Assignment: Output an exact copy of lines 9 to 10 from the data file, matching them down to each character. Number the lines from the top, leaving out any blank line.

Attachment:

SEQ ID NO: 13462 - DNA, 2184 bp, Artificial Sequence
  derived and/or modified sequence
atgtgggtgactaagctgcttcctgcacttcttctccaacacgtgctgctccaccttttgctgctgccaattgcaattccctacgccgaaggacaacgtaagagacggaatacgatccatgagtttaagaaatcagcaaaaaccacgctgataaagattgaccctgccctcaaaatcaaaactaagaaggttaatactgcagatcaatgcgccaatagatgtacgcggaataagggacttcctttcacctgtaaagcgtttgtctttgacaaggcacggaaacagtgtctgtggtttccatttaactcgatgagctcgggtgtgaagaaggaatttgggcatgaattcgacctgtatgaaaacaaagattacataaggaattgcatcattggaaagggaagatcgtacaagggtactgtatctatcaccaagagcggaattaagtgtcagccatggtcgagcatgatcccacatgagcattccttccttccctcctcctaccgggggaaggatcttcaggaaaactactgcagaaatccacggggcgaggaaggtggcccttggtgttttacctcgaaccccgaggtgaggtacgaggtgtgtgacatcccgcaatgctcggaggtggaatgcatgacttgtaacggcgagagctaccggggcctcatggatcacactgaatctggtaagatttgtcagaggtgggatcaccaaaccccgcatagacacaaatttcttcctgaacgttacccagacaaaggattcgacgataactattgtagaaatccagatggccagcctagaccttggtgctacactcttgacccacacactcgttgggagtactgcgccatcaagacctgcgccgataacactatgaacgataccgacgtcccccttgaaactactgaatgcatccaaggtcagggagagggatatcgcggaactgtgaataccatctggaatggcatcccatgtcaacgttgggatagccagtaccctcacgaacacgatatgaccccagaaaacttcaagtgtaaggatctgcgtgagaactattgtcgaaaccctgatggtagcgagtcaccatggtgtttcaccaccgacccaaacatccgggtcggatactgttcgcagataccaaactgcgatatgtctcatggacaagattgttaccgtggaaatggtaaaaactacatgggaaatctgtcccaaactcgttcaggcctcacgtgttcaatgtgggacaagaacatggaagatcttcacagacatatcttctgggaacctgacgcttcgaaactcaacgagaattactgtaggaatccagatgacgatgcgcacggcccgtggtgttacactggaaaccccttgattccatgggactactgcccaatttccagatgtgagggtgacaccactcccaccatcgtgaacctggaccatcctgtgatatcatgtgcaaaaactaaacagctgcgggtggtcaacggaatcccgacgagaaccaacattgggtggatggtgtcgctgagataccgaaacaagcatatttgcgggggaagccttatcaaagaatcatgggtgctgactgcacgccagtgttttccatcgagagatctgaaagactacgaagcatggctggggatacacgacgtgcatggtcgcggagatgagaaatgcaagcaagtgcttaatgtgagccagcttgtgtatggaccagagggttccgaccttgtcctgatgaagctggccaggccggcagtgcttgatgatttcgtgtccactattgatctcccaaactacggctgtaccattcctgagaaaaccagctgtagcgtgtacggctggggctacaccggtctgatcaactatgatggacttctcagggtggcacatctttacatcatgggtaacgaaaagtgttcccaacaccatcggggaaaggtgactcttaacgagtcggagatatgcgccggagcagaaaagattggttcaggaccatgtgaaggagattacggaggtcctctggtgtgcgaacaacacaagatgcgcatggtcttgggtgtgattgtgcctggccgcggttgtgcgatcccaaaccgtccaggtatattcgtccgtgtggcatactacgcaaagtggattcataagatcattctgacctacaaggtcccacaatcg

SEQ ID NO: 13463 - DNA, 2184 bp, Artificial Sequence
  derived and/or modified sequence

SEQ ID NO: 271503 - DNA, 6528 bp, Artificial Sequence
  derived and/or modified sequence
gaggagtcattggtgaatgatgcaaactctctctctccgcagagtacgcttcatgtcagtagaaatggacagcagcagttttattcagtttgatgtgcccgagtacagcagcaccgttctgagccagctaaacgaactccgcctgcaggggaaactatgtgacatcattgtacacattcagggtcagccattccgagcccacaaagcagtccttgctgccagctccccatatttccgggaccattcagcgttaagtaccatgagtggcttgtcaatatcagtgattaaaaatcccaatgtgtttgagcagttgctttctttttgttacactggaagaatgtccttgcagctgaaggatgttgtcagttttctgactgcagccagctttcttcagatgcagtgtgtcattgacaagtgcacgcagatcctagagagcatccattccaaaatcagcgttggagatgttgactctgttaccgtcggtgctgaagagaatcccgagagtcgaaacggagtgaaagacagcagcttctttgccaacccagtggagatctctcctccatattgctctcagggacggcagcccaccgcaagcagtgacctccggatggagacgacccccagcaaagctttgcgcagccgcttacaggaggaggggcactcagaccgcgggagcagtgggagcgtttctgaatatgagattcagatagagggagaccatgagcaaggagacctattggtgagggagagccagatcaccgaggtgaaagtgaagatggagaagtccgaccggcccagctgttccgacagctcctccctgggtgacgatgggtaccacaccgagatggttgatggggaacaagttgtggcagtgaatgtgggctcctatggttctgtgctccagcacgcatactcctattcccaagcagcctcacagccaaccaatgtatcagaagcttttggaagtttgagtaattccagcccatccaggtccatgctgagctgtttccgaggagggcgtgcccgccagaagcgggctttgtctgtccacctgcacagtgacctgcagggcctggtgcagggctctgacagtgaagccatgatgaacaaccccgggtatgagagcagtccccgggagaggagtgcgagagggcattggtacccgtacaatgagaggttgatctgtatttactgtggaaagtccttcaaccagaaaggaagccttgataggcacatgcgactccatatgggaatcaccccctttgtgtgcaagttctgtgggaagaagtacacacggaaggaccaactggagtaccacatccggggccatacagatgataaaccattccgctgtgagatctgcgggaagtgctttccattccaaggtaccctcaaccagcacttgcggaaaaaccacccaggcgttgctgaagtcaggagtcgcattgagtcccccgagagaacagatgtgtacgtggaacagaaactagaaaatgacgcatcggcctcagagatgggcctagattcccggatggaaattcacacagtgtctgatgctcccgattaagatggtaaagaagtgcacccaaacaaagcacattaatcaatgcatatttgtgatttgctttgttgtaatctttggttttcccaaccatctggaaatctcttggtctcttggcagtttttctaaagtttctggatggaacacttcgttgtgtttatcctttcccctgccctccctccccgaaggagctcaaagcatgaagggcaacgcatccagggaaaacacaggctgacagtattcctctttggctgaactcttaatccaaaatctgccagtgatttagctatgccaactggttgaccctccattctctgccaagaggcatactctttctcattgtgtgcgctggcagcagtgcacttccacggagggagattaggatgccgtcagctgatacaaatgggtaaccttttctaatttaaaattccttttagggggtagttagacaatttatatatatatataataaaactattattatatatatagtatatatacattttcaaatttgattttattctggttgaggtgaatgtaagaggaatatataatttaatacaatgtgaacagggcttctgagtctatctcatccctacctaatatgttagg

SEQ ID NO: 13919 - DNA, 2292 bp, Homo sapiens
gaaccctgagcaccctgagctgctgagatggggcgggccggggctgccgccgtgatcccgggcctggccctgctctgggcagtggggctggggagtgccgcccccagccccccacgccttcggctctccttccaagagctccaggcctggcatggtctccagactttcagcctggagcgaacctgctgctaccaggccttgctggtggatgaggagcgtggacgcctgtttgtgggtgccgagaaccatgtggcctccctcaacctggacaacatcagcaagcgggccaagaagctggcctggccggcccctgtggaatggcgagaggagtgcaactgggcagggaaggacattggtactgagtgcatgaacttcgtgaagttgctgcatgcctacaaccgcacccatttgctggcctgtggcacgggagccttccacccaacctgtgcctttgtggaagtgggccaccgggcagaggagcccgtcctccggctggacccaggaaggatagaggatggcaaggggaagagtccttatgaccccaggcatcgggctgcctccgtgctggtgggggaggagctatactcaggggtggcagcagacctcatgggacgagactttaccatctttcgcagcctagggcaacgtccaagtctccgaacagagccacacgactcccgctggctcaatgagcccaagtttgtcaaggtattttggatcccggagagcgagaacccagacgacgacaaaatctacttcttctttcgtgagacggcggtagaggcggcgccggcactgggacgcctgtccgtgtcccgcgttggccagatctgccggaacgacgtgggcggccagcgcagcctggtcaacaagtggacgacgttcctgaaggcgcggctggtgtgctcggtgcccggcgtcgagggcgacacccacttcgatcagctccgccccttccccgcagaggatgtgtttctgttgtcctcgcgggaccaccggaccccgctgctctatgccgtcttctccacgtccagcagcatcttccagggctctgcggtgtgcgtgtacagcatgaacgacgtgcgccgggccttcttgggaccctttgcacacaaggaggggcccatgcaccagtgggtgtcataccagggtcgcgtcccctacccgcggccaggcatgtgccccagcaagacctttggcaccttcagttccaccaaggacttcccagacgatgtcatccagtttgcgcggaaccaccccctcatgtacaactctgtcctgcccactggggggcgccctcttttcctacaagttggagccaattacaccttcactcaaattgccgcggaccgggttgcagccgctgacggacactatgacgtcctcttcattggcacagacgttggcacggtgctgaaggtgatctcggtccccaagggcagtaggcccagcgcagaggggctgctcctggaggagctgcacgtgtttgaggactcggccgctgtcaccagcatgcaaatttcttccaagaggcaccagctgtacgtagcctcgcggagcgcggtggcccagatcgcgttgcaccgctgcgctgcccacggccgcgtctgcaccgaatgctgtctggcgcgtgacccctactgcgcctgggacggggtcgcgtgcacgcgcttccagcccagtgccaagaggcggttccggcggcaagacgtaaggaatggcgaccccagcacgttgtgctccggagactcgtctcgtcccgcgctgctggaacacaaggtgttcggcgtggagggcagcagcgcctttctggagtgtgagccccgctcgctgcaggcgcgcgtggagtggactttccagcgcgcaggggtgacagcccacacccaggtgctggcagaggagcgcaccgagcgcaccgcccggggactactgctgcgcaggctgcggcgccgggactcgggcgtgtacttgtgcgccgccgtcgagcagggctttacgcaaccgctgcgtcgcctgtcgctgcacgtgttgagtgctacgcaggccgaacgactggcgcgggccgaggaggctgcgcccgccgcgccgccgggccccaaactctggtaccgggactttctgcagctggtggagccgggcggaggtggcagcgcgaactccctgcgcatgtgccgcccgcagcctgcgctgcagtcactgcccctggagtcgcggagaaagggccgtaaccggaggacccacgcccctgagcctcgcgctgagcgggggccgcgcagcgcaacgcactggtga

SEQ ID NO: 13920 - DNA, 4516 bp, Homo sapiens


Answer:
SEQ ID NO: 13919 - DNA, 2292 bp, Homo sapiens
gaaccctgagcaccctgagctgctgagatggggcgggccggggctgccgccgtgatcccgggcctggccctgctctgggcagtggggctggggagtgccgcccccagccccccacgccttcggctctccttccaagagctccaggcctggcatggtctccagactttcagcctggagcgaacctgctgctaccaggccttgctggtggatgaggagcgtggacgcctgtttgtgggtgccgagaaccatgtggcctccctcaacctggacaacatcagcaagcgggccaagaagctggcctggccggcccctgtggaatggcgagaggagtgcaactgggcagggaaggacattggtactgagtgcatgaacttcgtgaagttgctgcatgcctacaaccgcacccatttgctggcctgtggcacgggagccttccacccaacctgtgcctttgtggaagtgggccaccgggcagaggagcccgtcctccggctggacccaggaaggatagaggatggcaaggggaagagtccttatgaccccaggcatcgggctgcctccgtgctggtgggggaggagctatactcaggggtggcagcagacctcatgggacgagactttaccatctttcgcagcctagggcaacgtccaagtctccgaacagagccacacgactcccgctggctcaatgagcccaagtttgtcaaggtattttggatcccggagagcgagaacccagacgacgacaaaatctacttcttctttcgtgagacggcggtagaggcggcgccggcactgggacgcctgtccgtgtcccgcgttggccagatctgccggaacgacgtgggcggccagcgcagcctggtcaacaagtggacgacgttcctgaaggcgcggctggtgtgctcggtgcccggcgtcgagggcgacacccacttcgatcagctccgccccttccccgcagaggatgtgtttctgttgtcctcgcgggaccaccggaccccgctgctctatgccgtcttctccacgtccagcagcatcttccagggctctgcggtgtgcgtgtacagcatgaacgacgtgcgccgggccttcttgggaccctttgcacacaaggaggggcccatgcaccagtgggtgtcataccagggtcgcgtcccctacccgcggccaggcatgtgccccagcaagacctttggcaccttcagttccaccaaggacttcccagacgatgtcatccagtttgcgcggaaccaccccctcatgtacaactctgtcctgcccactggggggcgccctcttttcctacaagttggagccaattacaccttcactcaaattgccgcggaccgggttgcagccgctgacggacactatgacgtcctcttcattggcacagacgttggcacggtgctgaaggtgatctcggtccccaagggcagtaggcccagcgcagaggggctgctcctggaggagctgcacgtgtttgaggactcggccgctgtcaccagcatgcaaatttcttccaagaggcaccagctgtacgtagcctcgcggagcgcggtggcccagatcgcgttgcaccgctgcgctgcccacggccgcgtctgcaccgaatgctgtctggcgcgtgacccctactgcgcctgggacggggtcgcgtgcacgcgcttccagcccagtgccaagaggcggttccggcggcaagacgtaaggaatggcgaccccagcacgttgtgctccggagactcgtctcgtcccgcgctgctggaacacaaggtgttcggcgtggagggcagcagcgcctttctggagtgtgagccccgctcgctgcaggcgcgcgtggagtggactttccagcgcgcaggggtgacagcccacacccaggtgctggcagaggagcgcaccgagcgcaccgcccggggactactgctgcgcaggctgcggcgccgggactcgggcgtgtacttgtgcgccgccgtcgagcagggctttacgcaaccgctgcgtcgcctgtcgctgcacgtgttgagtgctacgcaggccgaacgactggcgcgggccgaggaggctgcgcccgccgcgccgccgggccccaaactctggtaccgggactttctgcagctggtggagccgggcggaggtggcagcgcgaactccctgcgcatgtgccgcccgcagcctgcgctgcagtcactgcccctggagtcgcggagaaagggccgtaaccggaggacccacgcccctgagcctcgcgctgagcgggggccgcgcagcgcaacgcactggtga